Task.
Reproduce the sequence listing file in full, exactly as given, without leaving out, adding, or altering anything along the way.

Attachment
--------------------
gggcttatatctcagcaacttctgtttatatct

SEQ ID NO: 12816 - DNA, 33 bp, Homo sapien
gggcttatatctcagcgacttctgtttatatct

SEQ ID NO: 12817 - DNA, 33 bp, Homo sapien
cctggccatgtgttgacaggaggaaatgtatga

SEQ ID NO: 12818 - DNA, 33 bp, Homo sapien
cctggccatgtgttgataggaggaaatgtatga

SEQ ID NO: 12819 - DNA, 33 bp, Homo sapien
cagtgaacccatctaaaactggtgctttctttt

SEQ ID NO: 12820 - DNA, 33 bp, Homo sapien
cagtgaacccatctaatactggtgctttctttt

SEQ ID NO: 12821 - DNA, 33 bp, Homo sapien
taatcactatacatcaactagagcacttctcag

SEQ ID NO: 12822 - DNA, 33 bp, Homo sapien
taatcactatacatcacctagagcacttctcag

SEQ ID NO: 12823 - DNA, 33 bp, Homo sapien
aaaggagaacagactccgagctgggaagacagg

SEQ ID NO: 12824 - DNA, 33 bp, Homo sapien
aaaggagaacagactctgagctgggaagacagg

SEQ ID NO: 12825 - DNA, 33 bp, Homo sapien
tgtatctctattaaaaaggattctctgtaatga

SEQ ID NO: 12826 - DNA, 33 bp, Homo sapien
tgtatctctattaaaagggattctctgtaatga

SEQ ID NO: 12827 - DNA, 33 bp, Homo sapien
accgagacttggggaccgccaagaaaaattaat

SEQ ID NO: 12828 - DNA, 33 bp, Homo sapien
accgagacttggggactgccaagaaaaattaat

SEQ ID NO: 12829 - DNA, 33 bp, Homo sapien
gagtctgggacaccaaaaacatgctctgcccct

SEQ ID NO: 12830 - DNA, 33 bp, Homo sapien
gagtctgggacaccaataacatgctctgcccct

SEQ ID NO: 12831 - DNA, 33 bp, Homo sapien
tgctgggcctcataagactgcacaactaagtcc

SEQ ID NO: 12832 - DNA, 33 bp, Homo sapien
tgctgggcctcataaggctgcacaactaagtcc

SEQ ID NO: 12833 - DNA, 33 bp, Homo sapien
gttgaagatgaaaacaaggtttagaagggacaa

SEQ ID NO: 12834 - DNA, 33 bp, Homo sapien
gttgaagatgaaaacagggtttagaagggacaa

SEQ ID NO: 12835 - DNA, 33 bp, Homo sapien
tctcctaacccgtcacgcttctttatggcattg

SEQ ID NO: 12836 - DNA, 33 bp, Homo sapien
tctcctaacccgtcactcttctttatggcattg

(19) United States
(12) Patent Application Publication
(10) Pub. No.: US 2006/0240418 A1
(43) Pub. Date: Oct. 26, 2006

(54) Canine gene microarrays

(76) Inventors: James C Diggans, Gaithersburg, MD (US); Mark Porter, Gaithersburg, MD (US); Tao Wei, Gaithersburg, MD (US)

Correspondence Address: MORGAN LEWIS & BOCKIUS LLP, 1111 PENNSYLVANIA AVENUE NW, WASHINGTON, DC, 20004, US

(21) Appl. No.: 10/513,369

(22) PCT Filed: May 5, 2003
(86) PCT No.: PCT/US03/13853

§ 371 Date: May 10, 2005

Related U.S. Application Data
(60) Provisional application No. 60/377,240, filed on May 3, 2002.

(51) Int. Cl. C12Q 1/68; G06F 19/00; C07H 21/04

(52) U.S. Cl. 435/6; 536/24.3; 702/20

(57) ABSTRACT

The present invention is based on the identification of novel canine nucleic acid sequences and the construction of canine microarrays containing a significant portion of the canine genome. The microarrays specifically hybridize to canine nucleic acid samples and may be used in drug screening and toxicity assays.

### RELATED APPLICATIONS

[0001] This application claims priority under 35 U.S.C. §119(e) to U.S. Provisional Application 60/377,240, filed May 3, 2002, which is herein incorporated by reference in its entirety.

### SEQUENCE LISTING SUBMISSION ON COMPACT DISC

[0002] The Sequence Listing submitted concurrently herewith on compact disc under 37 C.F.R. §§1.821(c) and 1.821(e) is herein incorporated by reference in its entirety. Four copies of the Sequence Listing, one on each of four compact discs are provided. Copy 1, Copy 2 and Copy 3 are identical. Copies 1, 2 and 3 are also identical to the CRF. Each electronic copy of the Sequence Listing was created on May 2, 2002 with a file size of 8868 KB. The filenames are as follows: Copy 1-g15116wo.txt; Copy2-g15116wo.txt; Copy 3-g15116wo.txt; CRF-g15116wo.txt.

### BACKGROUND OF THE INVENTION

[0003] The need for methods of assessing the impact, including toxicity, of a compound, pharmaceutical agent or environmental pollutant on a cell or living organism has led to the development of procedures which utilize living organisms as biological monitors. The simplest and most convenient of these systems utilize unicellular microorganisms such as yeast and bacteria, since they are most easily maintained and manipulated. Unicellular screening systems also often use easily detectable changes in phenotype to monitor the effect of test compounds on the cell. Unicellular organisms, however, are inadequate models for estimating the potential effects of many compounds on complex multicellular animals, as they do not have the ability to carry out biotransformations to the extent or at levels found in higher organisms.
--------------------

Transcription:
gggcttatatctcagcaacttctgtttatatct

SEQ ID NO: 12816 - DNA, 33 bp, Homo sapien
gggcttatatctcagcgacttctgtttatatct

SEQ ID NO: 12817 - DNA, 33 bp, Homo sapien
cctggccatgtgttgacaggaggaaatgtatga

SEQ ID NO: 12818 - DNA, 33 bp, Homo sapien
cctggccatgtgttgataggaggaaatgtatga

SEQ ID NO: 12819 - DNA, 33 bp, Homo sapien
cagtgaacccatctaaaactggtgctttctttt

SEQ ID NO: 12820 - DNA, 33 bp, Homo sapien
cagtgaacccatctaatactggtgctttctttt

SEQ ID NO: 12821 - DNA, 33 bp, Homo sapien
taatcactatacatcaactagagcacttctcag

SEQ ID NO: 12822 - DNA, 33 bp, Homo sapien
taatcactatacatcacctagagcacttctcag

SEQ ID NO: 12823 - DNA, 33 bp, Homo sapien
aaaggagaacagactccgagctgggaagacagg

SEQ ID NO: 12824 - DNA, 33 bp, Homo sapien
aaaggagaacagactctgagctgggaagacagg

SEQ ID NO: 12825 - DNA, 33 bp, Homo sapien
tgtatctctattaaaaaggattctctgtaatga

SEQ ID NO: 12826 - DNA, 33 bp, Homo sapien
tgtatctctattaaaagggattctctgtaatga

SEQ ID NO: 12827 - DNA, 33 bp, Homo sapien
accgagacttggggaccgccaagaaaaattaat

SEQ ID NO: 12828 - DNA, 33 bp, Homo sapien
accgagacttggggactgccaagaaaaattaat

SEQ ID NO: 12829 - DNA, 33 bp, Homo sapien
gagtctgggacaccaaaaacatgctctgcccct

SEQ ID NO: 12830 - DNA, 33 bp, Homo sapien
gagtctgggacaccaataacatgctctgcccct

SEQ ID NO: 12831 - DNA, 33 bp, Homo sapien
tgctgggcctcataagactgcacaactaagtcc

SEQ ID NO: 12832 - DNA, 33 bp, Homo sapien
tgctgggcctcataaggctgcacaactaagtcc

SEQ ID NO: 12833 - DNA, 33 bp, Homo sapien
gttgaagatgaaaacaaggtttagaagggacaa

SEQ ID NO: 12834 - DNA, 33 bp, Homo sapien
gttgaagatgaaaacagggtttagaagggacaa

SEQ ID NO: 12835 - DNA, 33 bp, Homo sapien
tctcctaacccgtcacgcttctttatggcattg

SEQ ID NO: 12836 - DNA, 33 bp, Homo sapien
tctcctaacccgtcactcttctttatggcattg

(19) United States
(12) Patent Application Publication
(10) Pub. No.: US 2006/0240418 A1
(43) Pub. Date: Oct. 26, 2006

(54) Canine gene microarrays

(76) Inventors: James C Diggans, Gaithersburg, MD (US); Mark Porter, Gaithersburg, MD (US); Tao Wei, Gaithersburg, MD (US)

Correspondence Address: MORGAN LEWIS & BOCKIUS LLP, 1111 PENNSYLVANIA AVENUE NW, WASHINGTON, DC, 20004, US

(21) Appl. No.: 10/513,369

(22) PCT Filed: May 5, 2003
(86) PCT No.: PCT/US03/13853

§ 371 Date: May 10, 2005

Related U.S. Application Data
(60) Provisional application No. 60/377,240, filed on May 3, 2002.

(51) Int. Cl. C12Q 1/68; G06F 19/00; C07H 21/04

(52) U.S. Cl. 435/6; 536/24.3; 702/20

(57) ABSTRACT

The present invention is based on the identification of novel canine nucleic acid sequences and the construction of canine microarrays containing a significant portion of the canine genome. The microarrays specifically hybridize to canine nucleic acid samples and may be used in drug screening and toxicity assays.

### RELATED APPLICATIONS

[0001] This application claims priority under 35 U.S.C. §119(e) to U.S. Provisional Application 60/377,240, filed May 3, 2002, which is herein incorporated by reference in its entirety.

### SEQUENCE LISTING SUBMISSION ON COMPACT DISC

[0002] The Sequence Listing submitted concurrently herewith on compact disc under 37 C.F.R. §§1.821(c) and 1.821(e) is herein incorporated by reference in its entirety. Four copies of the Sequence Listing, one on each of four compact discs are provided. Copy 1, Copy 2 and Copy 3 are identical. Copies 1, 2 and 3 are also identical to the CRF. Each electronic copy of the Sequence Listing was created on May 2, 2002 with a file size of 8868 KB. The filenames are as follows: Copy 1-g15116wo.txt; Copy2-g15116wo.txt; Copy 3-g15116wo.txt; CRF-g15116wo.txt.

### BACKGROUND OF THE INVENTION

[0003] The need for methods of assessing the impact, including toxicity, of a compound, pharmaceutical agent or environmental pollutant on a cell or living organism has led to the development of procedures which utilize living organisms as biological monitors. The simplest and most convenient of these systems utilize unicellular microorganisms such as yeast and bacteria, since they are most easily maintained and manipulated. Unicellular screening systems also often use easily detectable changes in phenotype to monitor the effect of test compounds on the cell. Unicellular organisms, however, are inadequate models for estimating the potential effects of many compounds on complex multicellular animals, as they do not have the ability to carry out biotransformations to the extent or at levels found in higher organisms.